and with the Seitz-filtered suspensions of A. africanus. Evidence will be presented which
demonstrates that the virus isolated from the suspensims of the E/1/48 lot of A. africanus
was a strain (E/1 strain) of Zika virus. The history of the adaptation of this strain of virus
is described later (DICK, 1952).
After the groups of mice had been inoculated with the suspensions of each lot of A.
africanus taken in the January, 1948, mosqulto-catches, the remaining portions of the
unfiltered supernates and Seitz filtrates of all lots of A. africanus were inoculated subcutaneously into Rhesus 758. Between 5th and 20th January this monkey received nine
inoculations of the remainder of suspensions of A. africanus totalling 607 specimens. The
number of mosquitoes in each lot and the days of inoculation are indicated in Fig. 2. The
total quantities of the unfiltered and Seitz-filtered su~pens ons inoculated into Rhesus 758
were 3.22 ml. and 0.61 ml. respectively. The quantities of the suspensions of the E/1/48
lot of mosquitoes available for inoculation on 13th January were 0.4 ml. of the unfiltered
supernate and 0.1 ml. of the Seitz filtrate.
Rhesus 758 showed no abnormality as a result of the inoculation of the suspensions of A. africanus. T h e slight elevations of t e m p e r a t u r e recorded on
24th January and 5th F e b r u a r y (Fig. 2) are not significant. Because of the appearance of sickness on the 7th day (20th January) in mice inoculated with the
unfiltered supernate of the E/1/48 lot of A. africanus, a sample of blood was
withdrawn from Rhesus 758 on the 21st, 22nd and 23rd January, i.e. on the
8th, 9th and 10th days after inoculation with the E/1/48 lot of A. africanus. T h e
sera from these samples of blood were inoculated intracerebrally into groups of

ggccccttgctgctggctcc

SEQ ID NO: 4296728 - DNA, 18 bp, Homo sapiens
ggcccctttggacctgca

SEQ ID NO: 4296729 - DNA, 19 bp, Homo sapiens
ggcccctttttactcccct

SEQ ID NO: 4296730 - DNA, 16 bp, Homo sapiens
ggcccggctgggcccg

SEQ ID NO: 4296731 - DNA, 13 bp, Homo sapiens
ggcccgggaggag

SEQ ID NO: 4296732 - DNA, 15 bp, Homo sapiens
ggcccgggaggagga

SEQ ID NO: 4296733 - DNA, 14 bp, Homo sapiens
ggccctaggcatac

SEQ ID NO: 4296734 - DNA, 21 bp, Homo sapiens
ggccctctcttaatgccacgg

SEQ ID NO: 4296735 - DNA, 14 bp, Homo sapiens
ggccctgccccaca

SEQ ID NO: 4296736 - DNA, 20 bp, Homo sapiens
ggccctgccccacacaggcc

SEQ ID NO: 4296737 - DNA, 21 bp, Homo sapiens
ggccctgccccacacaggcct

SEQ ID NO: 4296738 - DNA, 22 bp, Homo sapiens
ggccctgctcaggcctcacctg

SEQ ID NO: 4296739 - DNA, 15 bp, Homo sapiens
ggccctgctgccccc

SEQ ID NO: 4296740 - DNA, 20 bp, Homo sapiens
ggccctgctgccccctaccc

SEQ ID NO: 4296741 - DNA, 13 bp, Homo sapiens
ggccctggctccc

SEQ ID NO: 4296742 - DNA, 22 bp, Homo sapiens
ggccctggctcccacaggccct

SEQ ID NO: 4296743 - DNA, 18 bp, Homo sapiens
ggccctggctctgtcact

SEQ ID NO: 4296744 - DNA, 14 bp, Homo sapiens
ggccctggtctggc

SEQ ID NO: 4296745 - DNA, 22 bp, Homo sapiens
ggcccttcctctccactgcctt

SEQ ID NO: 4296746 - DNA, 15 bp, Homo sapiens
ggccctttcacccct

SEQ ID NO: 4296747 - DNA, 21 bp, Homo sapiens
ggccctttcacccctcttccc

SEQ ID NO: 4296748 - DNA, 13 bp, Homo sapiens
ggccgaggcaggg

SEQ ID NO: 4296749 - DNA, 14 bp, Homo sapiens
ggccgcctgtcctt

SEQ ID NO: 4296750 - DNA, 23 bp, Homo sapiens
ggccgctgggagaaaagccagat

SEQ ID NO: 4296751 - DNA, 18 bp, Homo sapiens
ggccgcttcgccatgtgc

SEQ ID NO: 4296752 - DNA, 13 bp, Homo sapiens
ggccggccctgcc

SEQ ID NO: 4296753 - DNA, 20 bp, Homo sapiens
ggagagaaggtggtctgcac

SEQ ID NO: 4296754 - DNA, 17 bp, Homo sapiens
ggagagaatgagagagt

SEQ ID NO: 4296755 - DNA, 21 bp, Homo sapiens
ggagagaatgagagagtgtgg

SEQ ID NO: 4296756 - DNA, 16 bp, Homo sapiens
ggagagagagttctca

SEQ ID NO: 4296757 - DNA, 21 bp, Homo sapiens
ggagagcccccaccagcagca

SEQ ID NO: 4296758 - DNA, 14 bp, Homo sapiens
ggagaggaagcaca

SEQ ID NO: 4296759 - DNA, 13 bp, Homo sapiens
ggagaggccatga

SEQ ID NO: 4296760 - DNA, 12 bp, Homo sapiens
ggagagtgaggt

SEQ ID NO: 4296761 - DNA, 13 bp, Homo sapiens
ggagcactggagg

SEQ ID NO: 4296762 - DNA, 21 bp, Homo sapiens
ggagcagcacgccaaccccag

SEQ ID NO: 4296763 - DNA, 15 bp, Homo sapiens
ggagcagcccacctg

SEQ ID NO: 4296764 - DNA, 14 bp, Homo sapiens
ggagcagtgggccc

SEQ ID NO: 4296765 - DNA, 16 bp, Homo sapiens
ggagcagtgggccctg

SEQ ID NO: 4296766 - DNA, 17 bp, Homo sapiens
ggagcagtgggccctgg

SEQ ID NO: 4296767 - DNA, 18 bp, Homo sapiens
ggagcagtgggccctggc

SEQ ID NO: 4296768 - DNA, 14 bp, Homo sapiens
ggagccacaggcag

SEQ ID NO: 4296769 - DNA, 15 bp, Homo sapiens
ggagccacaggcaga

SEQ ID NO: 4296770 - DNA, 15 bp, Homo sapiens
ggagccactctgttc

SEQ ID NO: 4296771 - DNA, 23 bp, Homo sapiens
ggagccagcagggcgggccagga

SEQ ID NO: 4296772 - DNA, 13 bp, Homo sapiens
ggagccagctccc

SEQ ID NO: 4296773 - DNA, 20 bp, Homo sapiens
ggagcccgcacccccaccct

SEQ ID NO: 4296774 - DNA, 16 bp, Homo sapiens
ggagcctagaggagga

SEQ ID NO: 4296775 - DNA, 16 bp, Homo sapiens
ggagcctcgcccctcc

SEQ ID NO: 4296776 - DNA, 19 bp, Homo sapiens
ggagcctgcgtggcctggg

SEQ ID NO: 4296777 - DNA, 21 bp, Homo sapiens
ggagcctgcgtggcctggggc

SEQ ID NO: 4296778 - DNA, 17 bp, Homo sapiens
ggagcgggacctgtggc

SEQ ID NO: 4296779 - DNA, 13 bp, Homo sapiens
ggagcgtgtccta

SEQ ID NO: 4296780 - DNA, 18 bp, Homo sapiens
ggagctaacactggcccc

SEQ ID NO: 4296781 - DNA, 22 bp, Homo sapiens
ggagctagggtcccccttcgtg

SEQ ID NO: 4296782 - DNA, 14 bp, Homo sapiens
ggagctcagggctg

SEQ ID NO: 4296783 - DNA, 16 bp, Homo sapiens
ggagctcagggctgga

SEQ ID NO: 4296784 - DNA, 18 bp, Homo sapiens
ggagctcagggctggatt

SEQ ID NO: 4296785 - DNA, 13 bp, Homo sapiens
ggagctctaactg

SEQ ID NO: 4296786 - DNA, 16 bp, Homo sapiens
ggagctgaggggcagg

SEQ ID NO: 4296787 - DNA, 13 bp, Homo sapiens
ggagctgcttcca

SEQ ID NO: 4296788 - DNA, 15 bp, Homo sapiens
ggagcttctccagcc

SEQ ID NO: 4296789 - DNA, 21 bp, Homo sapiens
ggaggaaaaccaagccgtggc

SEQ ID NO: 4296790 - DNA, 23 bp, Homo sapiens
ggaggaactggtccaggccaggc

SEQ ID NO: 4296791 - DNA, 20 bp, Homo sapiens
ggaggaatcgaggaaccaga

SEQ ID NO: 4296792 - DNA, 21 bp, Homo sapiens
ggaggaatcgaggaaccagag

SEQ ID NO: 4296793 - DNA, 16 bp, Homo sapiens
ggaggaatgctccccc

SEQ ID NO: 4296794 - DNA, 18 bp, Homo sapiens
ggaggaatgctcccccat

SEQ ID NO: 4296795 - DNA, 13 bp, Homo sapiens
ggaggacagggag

mice. Of the six mice inoculated with serum taken on 21st January, one was sick

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Because of its suspected implication in the forest cycle of yellow fever (HADI)OW
et al., 1948), A. africanus was treated individually as a species. After the grouping
of the mosquitoes had been effected, the mosquitoes were rendered inactive by
placing the tubes in which they were contained in a refrigerator at approximately
4°C.

G . W . A . DICK~ S. F. K I T C H E N

513

A N D A. J . H A D D O W

on the 10th day and two were found dead on the 19th and 20th days. Successful
transfers were made with a Seitz-filtered suspension of the brain of the sick mouse.
Of the six mice inoculated intracerebrally with serum taken from Rhesus 758 on
the 22nd January, one had quefitionable signs of sickness on the 12th day after
inoculation and was found dead on the 13th day ; another mouse was paralysed
on the 20th day. Successful transfers were made with a Seitz-filtered suspension
of the brain of the dead mouse. (The paralysed mouse proved to be an example
of Theiler's encephalomyelitis.) All the mice inoculated with serum taken from
Rhesus 758 on 23rd January remained well.
758

TEMPERATURE
SUMMARY
OF

AND

RECORD
INOCULATIONS

=C,
40 u

39~
--

-+

.

.

.

.

RESULT5

~N MICE

1" I'

1~

'1~ 'I~ '~ '1" '1'

~ NUMBERS

~

~

~ ~ -~ ~ ~

~, ,NrO RHESUS 7S8 • M~CE

OF AEBE5 A F R I C A N U 5

INOCULATED

I

I

I

I

'1

I

I

I'

3
,.TAN
1948

8

13

IS

23

2.8,

2
FEB
1946

7

FIG

Z

It was subsequently shown by neutralization tests that Rhesus 758 had
developed neutralizing antibody to (a) the agent isolated from its serum, (b) the
E/1 strain of virus isolated directly in mice from A. afrieanus and (c) to the 766
strain of Zika virus. These tests, which will be described in detail, indicated that
a strain of Zika virus (Zika virus 758 strain) was isolated from the serum of
Rhesus 758 which had been inoculated with suspensions of A. africanus (Fig. 2).
SEROLOGICAL STUDIES

Neutralization Tests.
Preliminary investigations, which will not be discussed here in detail, showed